With a summit between South and North Korea drawing nearer, not only the diplomatic community but the local business sector is also looking forward to some positive result from the historic summit. There is a possibility that the leaders of the two Koreas may declare an official end to the Korean War during their upcoming summit, and expectations are running high for eased geopolitical risks, which are one of the main factors behind the underestimation of the South Korean economy. Here is Cho Bong-hyun, deputy head of the Industrial Bank of Korea Institute, to discuss potential economic effects of the 2018 inter-Korean summit.

The inter-Korean summit will take place on April 27, and the unprecedented North Korea-U.S. summit will be held in late May or early June. North Korea’s denuclearization will top the agenda for the two summit meetings. Other discussion topics of the South-North summit will include the establishment of a peace regime on the Korean Peninsula and the stable development of inter-Korean relations. Denuclearization is the top-priority issue, as I said, but it doesn’t mean the two Koreas will not touch on bilateral economic cooperation. What I mean is that economic issues will be discussed naturally once the nuclear problem is resolved. The inter-Korean summit is unlikely to end up being a one-time event but will hopefully continue to take place whenever necessary. If the two sides find a major breakthrough for the nuclear issue at this week’s summit, they may discuss economic issues at additional talks.

Unlike the two previous inter-Korean summits, this week’s summit talks will focus mostly on the denuclearization issue, and inter-Korean economic cooperation might be discussed in the next stage. Currently, North Korea is under international sanctions imposed by the U.N. Security Council. In this reality, South and North Korea find it difficult to carry out their economic cooperation properly. But if an inter-Korean summit is held on a regular basis, starting with the one this week, Seoul and Pyongyang will be able to discuss economic issues in earnest. The presidential office in Seoul has recently said that involved nations are considering means of replacing the armistice agreement with a peace treaty through the declaration of an end to the Korean War at the inter-Korean summit and the North Korea-U.S. summit. Attention turns to whether the positive development will help ease the chronic “Korea discount” in the local stock market.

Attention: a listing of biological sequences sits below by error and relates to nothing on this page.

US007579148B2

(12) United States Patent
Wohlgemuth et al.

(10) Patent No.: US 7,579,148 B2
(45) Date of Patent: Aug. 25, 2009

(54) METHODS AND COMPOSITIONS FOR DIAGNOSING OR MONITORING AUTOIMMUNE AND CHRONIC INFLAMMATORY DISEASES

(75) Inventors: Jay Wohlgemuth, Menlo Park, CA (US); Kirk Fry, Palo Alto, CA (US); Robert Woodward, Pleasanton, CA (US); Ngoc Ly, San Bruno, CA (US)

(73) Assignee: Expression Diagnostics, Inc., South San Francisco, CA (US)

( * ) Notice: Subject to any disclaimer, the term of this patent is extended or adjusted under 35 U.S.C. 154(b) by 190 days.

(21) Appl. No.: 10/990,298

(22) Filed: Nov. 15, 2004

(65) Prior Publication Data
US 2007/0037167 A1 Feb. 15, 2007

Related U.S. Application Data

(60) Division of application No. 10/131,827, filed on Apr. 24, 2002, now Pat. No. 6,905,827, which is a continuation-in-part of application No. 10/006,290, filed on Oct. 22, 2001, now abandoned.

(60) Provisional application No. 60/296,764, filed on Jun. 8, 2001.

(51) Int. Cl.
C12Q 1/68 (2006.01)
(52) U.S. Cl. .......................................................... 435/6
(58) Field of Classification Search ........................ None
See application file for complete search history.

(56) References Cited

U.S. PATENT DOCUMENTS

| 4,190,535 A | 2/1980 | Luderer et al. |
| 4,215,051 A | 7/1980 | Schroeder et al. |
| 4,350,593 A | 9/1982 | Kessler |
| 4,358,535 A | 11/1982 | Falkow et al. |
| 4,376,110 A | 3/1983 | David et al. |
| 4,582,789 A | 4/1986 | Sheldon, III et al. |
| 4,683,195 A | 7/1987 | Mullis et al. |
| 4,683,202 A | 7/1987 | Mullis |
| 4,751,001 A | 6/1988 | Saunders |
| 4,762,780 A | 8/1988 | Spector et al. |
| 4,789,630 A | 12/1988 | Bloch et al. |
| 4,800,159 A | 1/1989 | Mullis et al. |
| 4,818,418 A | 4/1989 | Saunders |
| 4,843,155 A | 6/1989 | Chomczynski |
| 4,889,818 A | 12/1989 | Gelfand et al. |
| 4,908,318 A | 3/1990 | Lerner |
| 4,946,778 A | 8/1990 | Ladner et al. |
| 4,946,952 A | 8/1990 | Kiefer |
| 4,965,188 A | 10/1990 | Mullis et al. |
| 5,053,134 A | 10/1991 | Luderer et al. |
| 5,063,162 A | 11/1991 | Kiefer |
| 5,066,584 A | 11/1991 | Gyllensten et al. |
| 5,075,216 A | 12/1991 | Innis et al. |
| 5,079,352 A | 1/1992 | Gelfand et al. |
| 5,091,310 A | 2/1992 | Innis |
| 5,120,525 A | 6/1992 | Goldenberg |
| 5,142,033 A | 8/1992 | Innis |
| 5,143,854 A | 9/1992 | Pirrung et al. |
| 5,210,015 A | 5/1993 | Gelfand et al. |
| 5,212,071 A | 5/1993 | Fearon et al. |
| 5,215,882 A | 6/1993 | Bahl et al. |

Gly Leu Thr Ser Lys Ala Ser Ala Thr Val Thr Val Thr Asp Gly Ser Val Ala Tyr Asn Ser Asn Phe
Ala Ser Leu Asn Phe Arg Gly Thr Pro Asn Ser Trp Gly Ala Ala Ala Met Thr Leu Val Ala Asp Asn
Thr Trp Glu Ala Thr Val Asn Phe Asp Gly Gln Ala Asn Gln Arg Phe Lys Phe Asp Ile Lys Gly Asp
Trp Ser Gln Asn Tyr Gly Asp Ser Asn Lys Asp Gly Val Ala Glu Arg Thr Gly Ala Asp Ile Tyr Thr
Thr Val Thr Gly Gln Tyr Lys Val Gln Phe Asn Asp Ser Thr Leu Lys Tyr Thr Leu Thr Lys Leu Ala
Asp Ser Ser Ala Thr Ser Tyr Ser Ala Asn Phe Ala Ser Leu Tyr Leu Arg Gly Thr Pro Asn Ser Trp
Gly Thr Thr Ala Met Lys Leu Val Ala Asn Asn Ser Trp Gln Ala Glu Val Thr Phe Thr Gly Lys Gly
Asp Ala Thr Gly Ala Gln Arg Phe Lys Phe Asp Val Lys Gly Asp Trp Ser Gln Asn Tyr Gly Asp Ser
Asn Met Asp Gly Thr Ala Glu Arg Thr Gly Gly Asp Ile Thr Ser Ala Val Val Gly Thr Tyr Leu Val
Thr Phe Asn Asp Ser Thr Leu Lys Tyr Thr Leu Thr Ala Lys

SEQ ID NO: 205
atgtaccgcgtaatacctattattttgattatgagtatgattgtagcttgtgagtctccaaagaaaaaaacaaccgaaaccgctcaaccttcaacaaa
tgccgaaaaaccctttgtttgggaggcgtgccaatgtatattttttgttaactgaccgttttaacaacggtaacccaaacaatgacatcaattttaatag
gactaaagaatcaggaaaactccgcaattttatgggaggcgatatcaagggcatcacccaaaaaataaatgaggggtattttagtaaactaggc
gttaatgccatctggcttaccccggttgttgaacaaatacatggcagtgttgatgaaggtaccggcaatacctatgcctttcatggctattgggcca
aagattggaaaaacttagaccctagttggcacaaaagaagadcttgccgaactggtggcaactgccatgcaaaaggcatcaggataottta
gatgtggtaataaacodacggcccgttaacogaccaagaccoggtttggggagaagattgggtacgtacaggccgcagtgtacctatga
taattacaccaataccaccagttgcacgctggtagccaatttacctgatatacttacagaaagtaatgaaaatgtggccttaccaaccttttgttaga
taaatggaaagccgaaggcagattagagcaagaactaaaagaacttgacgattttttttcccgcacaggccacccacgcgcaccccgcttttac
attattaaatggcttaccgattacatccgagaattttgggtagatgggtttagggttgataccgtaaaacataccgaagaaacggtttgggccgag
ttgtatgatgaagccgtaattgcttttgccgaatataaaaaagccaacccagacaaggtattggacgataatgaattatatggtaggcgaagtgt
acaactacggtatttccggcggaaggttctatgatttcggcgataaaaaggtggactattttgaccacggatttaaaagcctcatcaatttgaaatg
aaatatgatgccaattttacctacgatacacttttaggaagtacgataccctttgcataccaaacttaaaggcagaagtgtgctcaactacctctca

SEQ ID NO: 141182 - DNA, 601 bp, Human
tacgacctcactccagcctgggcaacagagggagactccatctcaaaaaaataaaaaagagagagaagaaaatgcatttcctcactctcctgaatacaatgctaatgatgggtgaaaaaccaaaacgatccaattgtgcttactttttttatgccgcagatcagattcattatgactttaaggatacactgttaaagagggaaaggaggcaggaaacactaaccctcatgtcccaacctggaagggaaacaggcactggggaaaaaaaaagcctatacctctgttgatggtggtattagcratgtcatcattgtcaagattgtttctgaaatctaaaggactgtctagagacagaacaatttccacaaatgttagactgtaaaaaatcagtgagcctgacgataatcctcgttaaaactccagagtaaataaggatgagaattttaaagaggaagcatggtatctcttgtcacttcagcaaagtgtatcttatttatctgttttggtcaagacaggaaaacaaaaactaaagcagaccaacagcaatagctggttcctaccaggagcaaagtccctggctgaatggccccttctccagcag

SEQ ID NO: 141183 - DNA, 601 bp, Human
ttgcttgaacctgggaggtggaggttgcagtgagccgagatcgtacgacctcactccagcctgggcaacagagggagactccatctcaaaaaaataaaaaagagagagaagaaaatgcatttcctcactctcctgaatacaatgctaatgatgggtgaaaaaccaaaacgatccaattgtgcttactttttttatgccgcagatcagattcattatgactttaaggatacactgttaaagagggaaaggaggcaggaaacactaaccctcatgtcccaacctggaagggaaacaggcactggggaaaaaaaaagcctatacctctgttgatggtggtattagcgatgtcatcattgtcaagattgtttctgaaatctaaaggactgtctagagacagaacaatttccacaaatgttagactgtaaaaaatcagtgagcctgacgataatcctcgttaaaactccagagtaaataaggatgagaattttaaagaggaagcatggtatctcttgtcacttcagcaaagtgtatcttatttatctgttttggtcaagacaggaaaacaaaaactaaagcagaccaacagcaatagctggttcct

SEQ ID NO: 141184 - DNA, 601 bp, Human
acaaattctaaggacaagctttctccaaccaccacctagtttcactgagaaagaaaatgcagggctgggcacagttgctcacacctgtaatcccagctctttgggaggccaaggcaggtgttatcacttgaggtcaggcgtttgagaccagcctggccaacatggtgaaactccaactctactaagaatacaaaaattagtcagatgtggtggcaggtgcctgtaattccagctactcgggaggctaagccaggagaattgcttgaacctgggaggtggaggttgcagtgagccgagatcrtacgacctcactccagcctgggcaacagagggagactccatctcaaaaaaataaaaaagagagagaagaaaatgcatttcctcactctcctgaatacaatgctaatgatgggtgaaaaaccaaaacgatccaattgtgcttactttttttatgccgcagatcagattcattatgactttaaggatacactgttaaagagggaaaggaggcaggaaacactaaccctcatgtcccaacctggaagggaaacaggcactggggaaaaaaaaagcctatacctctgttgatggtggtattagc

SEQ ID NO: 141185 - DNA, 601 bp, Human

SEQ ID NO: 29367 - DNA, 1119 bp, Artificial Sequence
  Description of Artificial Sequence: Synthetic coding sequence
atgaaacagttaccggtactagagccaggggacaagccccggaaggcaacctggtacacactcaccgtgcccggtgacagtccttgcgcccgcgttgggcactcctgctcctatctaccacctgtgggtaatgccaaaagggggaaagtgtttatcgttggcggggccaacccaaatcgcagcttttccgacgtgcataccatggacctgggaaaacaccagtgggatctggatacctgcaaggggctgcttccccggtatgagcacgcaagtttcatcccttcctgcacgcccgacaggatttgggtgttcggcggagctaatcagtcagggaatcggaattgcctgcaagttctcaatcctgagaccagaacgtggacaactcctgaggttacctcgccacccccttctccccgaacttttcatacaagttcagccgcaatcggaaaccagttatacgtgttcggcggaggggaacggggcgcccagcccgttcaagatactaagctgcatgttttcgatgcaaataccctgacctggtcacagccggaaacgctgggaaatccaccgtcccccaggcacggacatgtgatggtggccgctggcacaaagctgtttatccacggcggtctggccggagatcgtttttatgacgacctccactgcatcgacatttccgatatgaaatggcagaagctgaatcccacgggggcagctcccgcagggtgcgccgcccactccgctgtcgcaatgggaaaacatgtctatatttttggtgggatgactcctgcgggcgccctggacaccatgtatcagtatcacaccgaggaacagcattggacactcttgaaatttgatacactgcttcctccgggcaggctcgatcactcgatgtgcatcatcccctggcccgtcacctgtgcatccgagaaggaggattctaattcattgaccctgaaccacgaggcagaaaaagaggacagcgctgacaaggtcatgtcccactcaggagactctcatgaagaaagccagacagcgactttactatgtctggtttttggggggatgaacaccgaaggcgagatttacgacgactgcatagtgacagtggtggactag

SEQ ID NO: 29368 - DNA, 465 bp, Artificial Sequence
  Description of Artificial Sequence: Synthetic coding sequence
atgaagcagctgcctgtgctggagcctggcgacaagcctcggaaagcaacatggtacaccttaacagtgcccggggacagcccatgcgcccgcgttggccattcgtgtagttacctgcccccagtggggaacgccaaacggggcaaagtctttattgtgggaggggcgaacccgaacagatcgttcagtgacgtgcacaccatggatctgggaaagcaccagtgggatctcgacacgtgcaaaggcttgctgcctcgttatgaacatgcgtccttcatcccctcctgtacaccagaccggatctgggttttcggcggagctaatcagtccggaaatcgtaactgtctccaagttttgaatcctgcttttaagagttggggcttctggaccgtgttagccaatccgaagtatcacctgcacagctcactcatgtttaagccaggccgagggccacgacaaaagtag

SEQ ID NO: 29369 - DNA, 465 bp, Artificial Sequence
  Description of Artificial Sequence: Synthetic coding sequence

The Korean War ended in an armistice, leaving the two Koreas technically at war. That means South and North Korea may clash at any time and that’s why tension would escalate on the Korean Peninsula. But the upcoming summit will likely discuss a complete end to the Korean War armistice and the signing of a peace treaty. The replacement of the decades-long armistice with a peace treaty will have a tremendous effect on the South Korean economy. In fact, North Korea’s repeated provocations would rattle the South Korean stock and financial markets. With South and North Korea in a state of war, local stocks have been undervalued due to geopolitical risks. This phenomenon is referred to as the “Korea discount.” But a formal end to the Korean War and a peace regime on the Korean Peninsula will influence the local financial markets positively.

According to Bloomberg, the price earnings ratio of the Korea Composite Stock Price Index or KOSPI reached 11 times as of mid-April. It was almost half of that of the global average at 19 times. The ratio is to measure the overall valuation of the stock market compared to earnings. The lower the ratio, the more undervalued the stocks are. Geopolitical risks surrounding the Korean Peninsula contribute to this phenomenon, as more risks tend to increase instability and volatility in the financial market. But the declaration of an end to the war at the inter-Korean summit will highlight the potential benefits of investing in South Korea and therefore draw more foreign investors to the local bourse. A warm diplomatic breeze blowing in to inter-Korean relations has already been helping the South Korean stock market rise.